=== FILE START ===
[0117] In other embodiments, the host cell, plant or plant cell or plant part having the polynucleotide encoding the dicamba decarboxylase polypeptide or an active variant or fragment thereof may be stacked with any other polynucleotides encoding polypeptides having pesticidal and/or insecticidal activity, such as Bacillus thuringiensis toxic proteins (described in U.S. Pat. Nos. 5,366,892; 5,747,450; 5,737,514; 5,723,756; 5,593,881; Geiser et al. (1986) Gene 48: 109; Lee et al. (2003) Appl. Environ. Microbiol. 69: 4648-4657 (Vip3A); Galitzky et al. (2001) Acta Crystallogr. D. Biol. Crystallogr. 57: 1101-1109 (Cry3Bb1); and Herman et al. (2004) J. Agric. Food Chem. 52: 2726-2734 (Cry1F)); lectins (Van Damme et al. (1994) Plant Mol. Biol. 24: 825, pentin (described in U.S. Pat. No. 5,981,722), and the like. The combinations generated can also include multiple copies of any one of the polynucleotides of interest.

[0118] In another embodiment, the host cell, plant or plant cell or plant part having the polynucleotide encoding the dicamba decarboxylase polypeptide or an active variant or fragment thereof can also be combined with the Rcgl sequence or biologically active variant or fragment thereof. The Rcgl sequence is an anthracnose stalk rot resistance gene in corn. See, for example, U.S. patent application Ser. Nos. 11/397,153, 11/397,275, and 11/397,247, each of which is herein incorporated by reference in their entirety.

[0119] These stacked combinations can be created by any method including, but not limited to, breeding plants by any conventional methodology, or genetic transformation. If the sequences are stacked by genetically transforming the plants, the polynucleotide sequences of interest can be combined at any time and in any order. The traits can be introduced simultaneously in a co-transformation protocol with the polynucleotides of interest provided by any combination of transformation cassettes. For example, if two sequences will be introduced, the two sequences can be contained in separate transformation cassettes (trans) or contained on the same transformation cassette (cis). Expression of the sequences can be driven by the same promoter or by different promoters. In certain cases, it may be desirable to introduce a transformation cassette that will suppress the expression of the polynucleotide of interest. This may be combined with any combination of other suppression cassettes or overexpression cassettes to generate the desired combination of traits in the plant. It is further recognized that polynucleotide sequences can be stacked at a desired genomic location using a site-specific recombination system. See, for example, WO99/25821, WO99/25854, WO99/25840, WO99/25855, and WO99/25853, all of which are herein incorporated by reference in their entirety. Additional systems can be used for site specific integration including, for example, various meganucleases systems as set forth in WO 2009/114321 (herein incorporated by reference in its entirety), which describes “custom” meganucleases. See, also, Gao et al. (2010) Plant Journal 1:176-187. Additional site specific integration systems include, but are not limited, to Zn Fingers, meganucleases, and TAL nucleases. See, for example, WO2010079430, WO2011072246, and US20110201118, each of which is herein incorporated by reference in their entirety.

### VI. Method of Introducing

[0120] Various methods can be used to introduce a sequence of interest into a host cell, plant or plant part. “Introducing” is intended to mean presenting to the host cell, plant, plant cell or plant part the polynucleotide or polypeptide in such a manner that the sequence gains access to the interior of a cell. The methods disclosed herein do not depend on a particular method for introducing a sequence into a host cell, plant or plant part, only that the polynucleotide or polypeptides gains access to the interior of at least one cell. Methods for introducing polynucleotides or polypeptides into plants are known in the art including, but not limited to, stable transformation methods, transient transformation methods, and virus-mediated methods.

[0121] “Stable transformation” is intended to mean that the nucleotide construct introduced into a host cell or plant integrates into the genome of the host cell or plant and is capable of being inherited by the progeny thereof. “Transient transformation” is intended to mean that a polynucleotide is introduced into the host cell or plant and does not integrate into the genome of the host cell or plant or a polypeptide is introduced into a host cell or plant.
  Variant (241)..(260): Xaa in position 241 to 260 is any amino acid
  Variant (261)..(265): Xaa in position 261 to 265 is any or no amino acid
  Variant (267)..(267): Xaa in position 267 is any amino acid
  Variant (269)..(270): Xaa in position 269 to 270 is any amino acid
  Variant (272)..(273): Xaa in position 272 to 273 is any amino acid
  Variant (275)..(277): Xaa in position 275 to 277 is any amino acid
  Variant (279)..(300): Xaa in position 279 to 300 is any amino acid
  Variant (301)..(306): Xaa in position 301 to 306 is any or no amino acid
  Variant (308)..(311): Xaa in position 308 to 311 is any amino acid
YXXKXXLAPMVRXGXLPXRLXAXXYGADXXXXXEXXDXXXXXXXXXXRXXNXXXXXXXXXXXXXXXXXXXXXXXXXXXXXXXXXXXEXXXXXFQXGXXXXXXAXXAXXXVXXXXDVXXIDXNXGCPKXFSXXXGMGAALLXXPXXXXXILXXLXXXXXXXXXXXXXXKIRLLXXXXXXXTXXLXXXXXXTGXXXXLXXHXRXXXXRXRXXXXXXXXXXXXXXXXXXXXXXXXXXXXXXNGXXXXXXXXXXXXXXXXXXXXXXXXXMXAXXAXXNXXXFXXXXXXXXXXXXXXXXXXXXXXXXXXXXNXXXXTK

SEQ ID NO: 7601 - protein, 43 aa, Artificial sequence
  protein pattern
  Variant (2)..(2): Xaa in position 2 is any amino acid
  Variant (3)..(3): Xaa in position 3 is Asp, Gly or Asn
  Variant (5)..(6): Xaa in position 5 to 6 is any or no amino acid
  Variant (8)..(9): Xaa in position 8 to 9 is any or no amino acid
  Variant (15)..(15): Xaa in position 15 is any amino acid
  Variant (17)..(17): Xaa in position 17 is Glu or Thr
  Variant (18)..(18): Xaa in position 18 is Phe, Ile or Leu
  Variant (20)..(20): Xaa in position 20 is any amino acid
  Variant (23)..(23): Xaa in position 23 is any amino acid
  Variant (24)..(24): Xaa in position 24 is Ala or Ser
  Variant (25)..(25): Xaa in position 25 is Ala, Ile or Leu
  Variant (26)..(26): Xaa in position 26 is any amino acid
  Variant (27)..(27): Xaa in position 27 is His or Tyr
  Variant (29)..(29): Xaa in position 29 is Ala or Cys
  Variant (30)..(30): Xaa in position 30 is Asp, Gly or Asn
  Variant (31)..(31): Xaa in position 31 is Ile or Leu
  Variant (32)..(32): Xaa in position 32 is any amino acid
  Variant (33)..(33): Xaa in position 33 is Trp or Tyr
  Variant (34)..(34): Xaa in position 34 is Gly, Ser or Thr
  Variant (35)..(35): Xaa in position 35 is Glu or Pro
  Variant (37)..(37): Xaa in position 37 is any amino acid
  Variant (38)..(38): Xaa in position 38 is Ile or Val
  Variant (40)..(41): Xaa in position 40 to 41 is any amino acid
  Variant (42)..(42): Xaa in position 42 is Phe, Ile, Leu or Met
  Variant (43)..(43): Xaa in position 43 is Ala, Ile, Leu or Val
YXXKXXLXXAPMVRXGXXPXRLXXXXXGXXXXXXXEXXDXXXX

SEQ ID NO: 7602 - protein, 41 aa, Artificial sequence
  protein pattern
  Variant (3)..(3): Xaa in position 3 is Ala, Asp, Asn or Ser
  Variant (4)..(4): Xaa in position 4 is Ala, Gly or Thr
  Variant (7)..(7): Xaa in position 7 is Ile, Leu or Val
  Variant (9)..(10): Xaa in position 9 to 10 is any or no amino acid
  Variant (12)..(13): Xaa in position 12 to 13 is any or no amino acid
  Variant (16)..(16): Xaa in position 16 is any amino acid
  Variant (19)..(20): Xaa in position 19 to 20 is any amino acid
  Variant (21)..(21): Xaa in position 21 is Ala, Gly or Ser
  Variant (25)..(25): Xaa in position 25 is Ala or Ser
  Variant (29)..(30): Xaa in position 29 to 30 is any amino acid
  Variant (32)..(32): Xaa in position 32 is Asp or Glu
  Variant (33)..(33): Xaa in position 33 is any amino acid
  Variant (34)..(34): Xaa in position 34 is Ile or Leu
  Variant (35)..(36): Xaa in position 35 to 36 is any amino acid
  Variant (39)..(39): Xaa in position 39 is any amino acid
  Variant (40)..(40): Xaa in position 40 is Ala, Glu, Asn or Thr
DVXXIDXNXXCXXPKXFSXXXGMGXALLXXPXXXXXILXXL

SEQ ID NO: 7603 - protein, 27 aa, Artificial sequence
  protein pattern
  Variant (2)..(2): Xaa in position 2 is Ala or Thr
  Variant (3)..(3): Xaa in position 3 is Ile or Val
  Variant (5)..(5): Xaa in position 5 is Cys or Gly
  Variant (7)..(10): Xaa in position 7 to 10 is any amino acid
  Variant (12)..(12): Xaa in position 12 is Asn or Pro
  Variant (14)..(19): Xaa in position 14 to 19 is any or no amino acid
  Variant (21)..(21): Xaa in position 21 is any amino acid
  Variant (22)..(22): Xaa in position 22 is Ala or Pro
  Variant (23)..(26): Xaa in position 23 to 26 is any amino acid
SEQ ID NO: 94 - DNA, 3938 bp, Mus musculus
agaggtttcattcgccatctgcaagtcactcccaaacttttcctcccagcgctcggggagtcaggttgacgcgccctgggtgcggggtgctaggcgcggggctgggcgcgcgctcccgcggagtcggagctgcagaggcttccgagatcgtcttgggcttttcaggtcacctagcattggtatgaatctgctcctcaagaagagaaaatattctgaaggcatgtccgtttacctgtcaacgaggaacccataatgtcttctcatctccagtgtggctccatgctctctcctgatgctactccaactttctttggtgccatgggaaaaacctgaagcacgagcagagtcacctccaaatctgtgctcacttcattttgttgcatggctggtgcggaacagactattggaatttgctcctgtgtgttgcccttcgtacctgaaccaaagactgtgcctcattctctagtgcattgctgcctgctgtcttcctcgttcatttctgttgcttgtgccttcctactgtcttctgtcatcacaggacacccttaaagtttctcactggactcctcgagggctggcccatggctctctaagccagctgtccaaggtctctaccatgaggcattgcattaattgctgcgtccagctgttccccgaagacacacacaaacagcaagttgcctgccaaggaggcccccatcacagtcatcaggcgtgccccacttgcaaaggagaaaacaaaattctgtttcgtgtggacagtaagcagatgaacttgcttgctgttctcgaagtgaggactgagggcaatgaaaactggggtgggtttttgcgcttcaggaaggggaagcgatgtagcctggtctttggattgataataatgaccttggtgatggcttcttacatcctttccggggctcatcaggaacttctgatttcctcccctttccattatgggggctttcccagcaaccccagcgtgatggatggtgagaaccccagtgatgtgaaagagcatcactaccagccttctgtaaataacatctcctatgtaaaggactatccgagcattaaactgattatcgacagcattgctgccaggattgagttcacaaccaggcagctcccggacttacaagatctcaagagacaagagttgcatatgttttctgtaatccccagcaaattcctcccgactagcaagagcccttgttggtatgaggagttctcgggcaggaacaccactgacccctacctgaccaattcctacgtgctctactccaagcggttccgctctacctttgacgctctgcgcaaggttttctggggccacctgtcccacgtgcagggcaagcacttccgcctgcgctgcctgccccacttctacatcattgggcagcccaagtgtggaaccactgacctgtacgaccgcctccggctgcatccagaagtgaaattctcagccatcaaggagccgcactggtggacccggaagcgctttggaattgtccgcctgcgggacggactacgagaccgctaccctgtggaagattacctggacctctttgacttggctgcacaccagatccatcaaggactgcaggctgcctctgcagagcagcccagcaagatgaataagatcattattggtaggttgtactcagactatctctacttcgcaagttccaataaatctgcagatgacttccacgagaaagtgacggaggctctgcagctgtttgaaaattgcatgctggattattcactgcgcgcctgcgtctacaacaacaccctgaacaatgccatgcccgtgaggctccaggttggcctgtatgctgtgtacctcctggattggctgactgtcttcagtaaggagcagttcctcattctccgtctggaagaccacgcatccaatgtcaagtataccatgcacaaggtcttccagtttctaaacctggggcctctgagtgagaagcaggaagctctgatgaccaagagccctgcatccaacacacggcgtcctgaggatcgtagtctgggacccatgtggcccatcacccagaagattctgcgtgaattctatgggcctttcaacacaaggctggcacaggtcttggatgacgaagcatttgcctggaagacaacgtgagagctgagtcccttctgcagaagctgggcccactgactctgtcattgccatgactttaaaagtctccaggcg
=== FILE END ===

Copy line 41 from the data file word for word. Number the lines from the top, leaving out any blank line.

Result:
  Variant (40)..(41): Xaa in position 40 to 41 is any amino acid